Currently Available Handouts for Low Phosphorus Diets in Chronic Kidney Disease Continue to Restrict Plant Proteins and Minimally Processed Dairy Products

Published:April 22, 2022DOI:


      The 2020 Kidney Disease Outcome Quality Initiative guidelines recommend adjusting phosphorus intake to achieve and maintain normal serum phosphorus levels for adults living with chronic kidney disease. These guidelines also recommend considering the dietary source of phosphorus as different sources have different bioavailability; however, phosphorus food lists are not provided. Therefore, the aim of this study is to investigate the current teaching materials in Canada regarding low phosphorus diet.

      Design and Methods

      Using a geographical approach, websites from each province and territories' government, health, and renal programs (where applicable) were reviewed for resources on dietary phosphorus restriction in chronic kidney disease. All publicly available handouts/booklets/printable webpages were obtained and reviewed for recommendations on how to implement a low phosphorus diet.


      Sixty-one resources in total met inclusion criteria (52 handouts from health agencies in 6 provinces and 9 handouts from the Kidney Foundation of Canada). Items with minimal nutrition value, such as cola, beer and cocoa, chocolate, and baking powder, were the most commonly restricted with 84% (51/61) resources making this recommendation. Plant proteins and minimally processed dairy were restricted in 80% (49/61) of resources. Processed animal meat was recommended to be restricted in 70% (43/61) of resources and whole grains in 65% (40/61). Sixty-three percent of the handouts (39/61) discuss avoiding phosphorus additives.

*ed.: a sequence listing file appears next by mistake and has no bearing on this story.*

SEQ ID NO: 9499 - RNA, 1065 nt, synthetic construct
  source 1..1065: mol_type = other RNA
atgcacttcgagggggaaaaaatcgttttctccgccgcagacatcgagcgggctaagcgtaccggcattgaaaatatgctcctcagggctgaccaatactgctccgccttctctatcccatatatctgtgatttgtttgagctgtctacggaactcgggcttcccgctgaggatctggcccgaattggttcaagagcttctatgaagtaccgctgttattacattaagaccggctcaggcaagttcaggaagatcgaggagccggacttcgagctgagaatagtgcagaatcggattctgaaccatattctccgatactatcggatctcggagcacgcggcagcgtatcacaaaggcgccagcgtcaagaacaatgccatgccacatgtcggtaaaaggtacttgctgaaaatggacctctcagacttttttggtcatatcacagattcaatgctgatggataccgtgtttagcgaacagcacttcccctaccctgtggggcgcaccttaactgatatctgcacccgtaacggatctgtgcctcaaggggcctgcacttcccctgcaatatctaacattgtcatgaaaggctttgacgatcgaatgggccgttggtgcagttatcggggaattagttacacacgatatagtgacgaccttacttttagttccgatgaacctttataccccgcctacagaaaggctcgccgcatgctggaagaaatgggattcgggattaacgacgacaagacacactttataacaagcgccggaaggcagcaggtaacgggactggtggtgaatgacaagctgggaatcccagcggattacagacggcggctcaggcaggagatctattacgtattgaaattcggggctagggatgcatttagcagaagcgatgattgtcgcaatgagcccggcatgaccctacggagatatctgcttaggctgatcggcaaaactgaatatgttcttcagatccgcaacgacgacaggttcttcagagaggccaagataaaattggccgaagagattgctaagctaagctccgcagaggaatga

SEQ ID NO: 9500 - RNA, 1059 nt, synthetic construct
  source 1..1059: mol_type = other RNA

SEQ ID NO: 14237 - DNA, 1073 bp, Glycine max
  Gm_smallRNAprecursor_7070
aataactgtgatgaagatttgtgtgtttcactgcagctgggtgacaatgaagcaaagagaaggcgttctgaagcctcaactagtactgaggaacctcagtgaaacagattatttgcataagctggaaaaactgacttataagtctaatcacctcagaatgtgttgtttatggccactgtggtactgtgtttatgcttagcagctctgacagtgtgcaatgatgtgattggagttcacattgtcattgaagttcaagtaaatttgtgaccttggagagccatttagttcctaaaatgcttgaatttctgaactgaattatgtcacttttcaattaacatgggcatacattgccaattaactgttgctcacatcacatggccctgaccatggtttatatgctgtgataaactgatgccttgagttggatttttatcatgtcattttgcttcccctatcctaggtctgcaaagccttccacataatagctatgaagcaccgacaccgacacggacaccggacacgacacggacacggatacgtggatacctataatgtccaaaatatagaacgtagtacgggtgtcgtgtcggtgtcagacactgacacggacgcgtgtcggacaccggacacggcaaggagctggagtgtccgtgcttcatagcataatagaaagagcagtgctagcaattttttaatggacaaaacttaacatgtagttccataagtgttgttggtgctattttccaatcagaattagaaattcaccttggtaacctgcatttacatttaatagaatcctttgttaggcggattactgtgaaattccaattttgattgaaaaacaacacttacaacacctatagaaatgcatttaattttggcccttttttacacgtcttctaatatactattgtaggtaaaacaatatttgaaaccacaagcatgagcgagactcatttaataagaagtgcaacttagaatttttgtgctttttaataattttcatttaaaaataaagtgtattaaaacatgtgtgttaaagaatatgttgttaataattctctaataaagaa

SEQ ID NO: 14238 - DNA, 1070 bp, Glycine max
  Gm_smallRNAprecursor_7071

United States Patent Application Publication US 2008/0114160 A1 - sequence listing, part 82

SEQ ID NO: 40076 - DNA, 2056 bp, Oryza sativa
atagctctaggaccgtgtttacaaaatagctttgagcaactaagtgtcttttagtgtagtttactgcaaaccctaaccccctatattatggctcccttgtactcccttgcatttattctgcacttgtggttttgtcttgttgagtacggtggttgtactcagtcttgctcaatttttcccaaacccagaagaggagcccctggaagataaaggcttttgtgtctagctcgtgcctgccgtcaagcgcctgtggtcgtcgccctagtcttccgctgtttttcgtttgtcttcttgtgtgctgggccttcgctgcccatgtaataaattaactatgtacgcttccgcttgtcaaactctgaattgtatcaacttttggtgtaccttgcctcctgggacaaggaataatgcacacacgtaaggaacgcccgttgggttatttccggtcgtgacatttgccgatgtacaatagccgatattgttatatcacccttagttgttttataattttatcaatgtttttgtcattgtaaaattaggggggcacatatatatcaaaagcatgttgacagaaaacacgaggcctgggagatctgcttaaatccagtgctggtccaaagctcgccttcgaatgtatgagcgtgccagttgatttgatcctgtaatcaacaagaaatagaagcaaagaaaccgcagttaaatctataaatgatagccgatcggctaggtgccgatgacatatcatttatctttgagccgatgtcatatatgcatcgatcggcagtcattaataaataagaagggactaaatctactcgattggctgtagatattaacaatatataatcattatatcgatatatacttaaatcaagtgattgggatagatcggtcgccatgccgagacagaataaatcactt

Many resources restrict items with minimal nutrition value to lower phosphorus intake; however, plant foods, including plant proteins and whole grains, continue to be restricted in the majority of resources, despite having lower bioavailability. The 2020 Kidney Disease Outcome Quality Initiative guidelines recommend considering bioavailability of phosphorus source when implementing low phosphorus diets; current handouts in Canada would likely benefit from review.


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